The importance of pro football depth

Dec 14, 2004 6:33 AM

Depth is such an essential element of success in pro football, and one that is easily overlooked. Part of a football team trying to overcome injuries is pure luck.

When QB Chad Pennington went down in the 2003 preseason, the Jets’ season was essentially sunk as Vinny Testaverde (7 TDs in seven starts) performed poorly. The same thing happened this season when Pennington went down in midseason, and retread QB Quincy Carter led a stumbling Jets offense that averaged 14 ppg in four starts (two defeats).

On the other hand, part of it is smart coaching and management. Several other teams have had QB injuries but have effective backups that stepped right in. The biggest story of this NFL season has been the job that rookie QB Ben Roethlisberger has done for the Steelers after starter Tommy Maddox was lost back in September.

San Diego added star rookie QB Philip Rivers, but still kept veteran Doug Flutie and Drew Brees. They didn’t know who would lead the team, but were smart enough to have three talented options.

It’s been Brees who has matured as an MVP candidate leading the way for the surprising Chargers. How would they have fared if they dumped all the other QBs and handed the reigns over to Rivers? Perhaps as well as the Giants offense since they gave Eli Manning the starting job.

Three years ago the Patriots lost starting QB Tom Brady in the AFC Championship game in the second quarter at Pittsburgh, yet had All-Pro Drew Bledsoe on the bench to come in and lead the team to victory.

It’s far more than just quarterback depth, of course. The Patriots have been remarkable the last few seasons at understanding the importance of depth. Last year New England lost All-Pro starting center Damian Woody in the playoffs, but were able to insert little-known Russ Hochstein and still ran for 127 yards in the Super Bowl against a fierce Carolina front four.

This season, the Pats have had key injuries to the secondary, losing All-Pro CB Ty Law and starter Tyrone Poole. Yet, they’ve moved safety Rodney Harrison and Asante Samuel to corner and even use WR Troy Brown as a defensive back in passing situations. This versatility and use of depth has helped to keep the New England machine rolling for the last two years.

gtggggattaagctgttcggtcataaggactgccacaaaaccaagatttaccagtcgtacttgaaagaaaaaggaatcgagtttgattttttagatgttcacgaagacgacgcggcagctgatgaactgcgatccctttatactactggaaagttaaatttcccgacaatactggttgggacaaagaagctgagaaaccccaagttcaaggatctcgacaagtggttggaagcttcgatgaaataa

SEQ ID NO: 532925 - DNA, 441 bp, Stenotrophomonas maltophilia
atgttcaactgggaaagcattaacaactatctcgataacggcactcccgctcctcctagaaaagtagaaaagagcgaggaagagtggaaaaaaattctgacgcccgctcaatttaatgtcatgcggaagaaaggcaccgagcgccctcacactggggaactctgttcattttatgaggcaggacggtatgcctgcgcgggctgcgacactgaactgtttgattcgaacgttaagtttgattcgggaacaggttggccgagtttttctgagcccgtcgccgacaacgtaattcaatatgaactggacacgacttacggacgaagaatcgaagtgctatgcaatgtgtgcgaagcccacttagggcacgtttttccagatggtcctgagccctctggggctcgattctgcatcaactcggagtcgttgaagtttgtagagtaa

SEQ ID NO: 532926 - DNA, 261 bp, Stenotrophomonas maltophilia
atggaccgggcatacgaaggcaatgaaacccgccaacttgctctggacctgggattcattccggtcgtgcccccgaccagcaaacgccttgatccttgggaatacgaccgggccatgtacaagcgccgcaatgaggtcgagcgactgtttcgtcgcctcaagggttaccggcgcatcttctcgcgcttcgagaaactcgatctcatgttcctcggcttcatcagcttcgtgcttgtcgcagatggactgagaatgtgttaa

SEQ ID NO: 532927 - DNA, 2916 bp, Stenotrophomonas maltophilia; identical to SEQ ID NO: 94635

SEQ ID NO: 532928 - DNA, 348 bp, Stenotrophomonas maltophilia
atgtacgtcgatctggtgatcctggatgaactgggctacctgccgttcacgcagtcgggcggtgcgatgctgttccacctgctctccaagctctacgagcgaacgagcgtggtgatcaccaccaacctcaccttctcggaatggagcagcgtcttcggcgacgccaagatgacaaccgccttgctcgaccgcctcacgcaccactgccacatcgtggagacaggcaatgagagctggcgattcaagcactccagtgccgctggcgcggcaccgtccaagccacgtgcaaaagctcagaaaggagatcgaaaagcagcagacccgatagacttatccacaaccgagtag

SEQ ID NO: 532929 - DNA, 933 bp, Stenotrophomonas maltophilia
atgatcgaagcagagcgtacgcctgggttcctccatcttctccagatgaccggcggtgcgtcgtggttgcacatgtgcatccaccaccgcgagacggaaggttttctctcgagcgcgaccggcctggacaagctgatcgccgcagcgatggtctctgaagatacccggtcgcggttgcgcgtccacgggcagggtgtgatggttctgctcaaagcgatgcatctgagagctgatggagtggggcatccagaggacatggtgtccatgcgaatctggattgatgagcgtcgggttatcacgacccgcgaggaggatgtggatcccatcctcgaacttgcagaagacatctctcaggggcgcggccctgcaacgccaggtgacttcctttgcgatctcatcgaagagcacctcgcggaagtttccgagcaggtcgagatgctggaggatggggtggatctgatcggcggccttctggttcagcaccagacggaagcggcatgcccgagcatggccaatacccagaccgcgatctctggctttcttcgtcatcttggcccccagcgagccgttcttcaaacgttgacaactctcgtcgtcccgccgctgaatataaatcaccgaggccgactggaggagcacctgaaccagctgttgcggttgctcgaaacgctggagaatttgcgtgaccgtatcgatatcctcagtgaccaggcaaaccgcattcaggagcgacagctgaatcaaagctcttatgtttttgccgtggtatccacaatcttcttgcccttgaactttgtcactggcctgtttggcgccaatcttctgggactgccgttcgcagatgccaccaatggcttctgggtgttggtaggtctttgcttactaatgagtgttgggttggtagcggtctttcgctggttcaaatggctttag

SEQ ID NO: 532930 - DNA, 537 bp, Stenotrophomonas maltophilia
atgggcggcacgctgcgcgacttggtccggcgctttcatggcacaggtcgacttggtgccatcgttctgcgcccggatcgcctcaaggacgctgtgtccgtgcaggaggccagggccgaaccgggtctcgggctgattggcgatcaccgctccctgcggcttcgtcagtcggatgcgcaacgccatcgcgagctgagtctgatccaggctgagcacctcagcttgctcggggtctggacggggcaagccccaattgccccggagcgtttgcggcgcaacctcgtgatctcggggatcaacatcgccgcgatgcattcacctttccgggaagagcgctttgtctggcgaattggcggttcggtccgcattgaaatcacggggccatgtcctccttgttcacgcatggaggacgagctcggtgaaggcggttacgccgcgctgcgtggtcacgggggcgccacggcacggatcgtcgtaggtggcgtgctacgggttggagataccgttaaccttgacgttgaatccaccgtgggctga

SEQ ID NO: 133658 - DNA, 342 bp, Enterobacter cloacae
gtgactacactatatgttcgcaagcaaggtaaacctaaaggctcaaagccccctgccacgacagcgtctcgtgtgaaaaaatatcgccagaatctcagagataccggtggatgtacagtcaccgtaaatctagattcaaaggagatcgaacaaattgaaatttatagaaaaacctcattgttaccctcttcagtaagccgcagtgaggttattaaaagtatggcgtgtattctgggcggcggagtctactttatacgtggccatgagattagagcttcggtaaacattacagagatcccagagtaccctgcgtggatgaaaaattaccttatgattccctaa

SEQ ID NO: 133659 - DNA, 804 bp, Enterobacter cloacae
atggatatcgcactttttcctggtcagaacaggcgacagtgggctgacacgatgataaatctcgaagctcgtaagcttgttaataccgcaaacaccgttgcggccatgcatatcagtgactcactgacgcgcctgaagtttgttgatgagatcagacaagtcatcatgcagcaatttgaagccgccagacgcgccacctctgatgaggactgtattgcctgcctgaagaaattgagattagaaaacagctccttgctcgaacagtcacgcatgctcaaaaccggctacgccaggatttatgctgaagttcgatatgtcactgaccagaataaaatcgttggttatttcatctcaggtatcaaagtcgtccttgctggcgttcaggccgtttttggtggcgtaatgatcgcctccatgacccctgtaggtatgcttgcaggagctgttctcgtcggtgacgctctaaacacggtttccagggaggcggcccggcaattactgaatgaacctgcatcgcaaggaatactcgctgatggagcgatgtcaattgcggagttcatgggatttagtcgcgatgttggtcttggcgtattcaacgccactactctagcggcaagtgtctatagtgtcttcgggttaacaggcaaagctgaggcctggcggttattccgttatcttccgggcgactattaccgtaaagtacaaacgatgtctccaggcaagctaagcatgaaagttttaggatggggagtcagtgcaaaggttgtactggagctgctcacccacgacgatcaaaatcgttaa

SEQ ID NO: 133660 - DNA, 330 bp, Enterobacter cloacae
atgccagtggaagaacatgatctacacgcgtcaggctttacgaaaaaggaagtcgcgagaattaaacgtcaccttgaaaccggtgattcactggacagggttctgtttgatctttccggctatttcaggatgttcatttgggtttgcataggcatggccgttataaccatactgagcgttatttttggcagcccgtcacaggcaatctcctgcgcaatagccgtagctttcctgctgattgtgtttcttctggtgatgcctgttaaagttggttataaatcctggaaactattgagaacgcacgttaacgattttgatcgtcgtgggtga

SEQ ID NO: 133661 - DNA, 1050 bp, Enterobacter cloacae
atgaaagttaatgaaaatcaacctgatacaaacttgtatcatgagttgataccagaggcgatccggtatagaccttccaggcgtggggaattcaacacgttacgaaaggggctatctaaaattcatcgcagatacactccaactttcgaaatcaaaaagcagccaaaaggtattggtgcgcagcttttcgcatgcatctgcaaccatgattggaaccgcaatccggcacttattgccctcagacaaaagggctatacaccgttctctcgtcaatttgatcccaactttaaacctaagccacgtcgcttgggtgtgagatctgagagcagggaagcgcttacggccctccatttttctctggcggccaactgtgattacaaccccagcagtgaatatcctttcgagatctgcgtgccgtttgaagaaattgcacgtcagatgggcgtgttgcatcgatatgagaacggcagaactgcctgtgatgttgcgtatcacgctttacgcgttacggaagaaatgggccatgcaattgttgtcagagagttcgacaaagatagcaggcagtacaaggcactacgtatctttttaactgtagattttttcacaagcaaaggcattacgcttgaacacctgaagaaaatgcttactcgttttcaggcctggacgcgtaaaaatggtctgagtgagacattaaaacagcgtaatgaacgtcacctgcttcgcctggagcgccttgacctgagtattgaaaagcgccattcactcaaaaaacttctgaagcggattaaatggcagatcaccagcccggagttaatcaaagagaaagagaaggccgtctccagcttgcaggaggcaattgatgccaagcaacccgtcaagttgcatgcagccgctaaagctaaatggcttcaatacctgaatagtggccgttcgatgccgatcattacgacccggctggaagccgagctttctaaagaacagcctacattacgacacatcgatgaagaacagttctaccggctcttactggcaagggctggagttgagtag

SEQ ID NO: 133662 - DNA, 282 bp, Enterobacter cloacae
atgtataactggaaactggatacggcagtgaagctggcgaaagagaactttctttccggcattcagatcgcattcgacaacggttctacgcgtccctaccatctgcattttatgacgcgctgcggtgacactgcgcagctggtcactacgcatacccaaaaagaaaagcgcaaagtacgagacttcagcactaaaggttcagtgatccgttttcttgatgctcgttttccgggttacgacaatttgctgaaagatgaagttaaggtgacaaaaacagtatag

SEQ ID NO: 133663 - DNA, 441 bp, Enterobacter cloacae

The Carolina Panthers have been decimated by injuries on offense, losing WR Steve Smith and RBs DeShaun Foster and Stephen Davis. That contributed to a 1-7 start, before finally adjusting and going on a 4-0 SU/ATS run.

Tennessee hasn’t been able to adjust to a rash of injuries, including star QB Steve McNair and a depleted secondary. The Titans offense has been okay under backup QB Bill Volek, but the defense has been shredded. That explains a 6-3 "over" run in posted totals for Titans games.

The Buffalo Bills offense has been clicking the second half of the season. A big factor has been the play of RB Willis McGahee, who got the full time starting job after RB Travis Henry was lost for the season with a knee injury. McGahee ran for over 100 yards in five of eight games after taking over, and had 91 yards rushing in another. The Bills went 6-2 "over" the total in those contests, and Buffalo’s quality running back depth was key. The Bills also caught fire with a 5-1 SU/ATS run that kept their playoff hopes alive.

There’s no better example of not paying attention to the importance of depth than the Miami Dolphins. Miami had a weak offensive line and QB play a year ago, but their big free agent acquisition over the summer was WR David Boston and overpaying for QB A.J. Feeley.

In August, star RB Ricky Williams retired, and Boston was lost for the year blowing out his knee. Feeley was no upgrade over Jay Fiedler, and it wasn’t a surprise to see Miami implode, starting 4-8 ATS with an offense ranked 26th in the NFL and 29th rushing the football. Heading into Monday Night’s game with New England, Miami was 1-5 SU/ATS at home!

Attention to depth and player flexibility would have served the Dolphins better. It’s not the job of a pro football general manager to be praying every Sunday for players not to get injured. Rather, he should be evaluating and planning on improving depth, as injuries are to be expected because football is such a physical, violent game.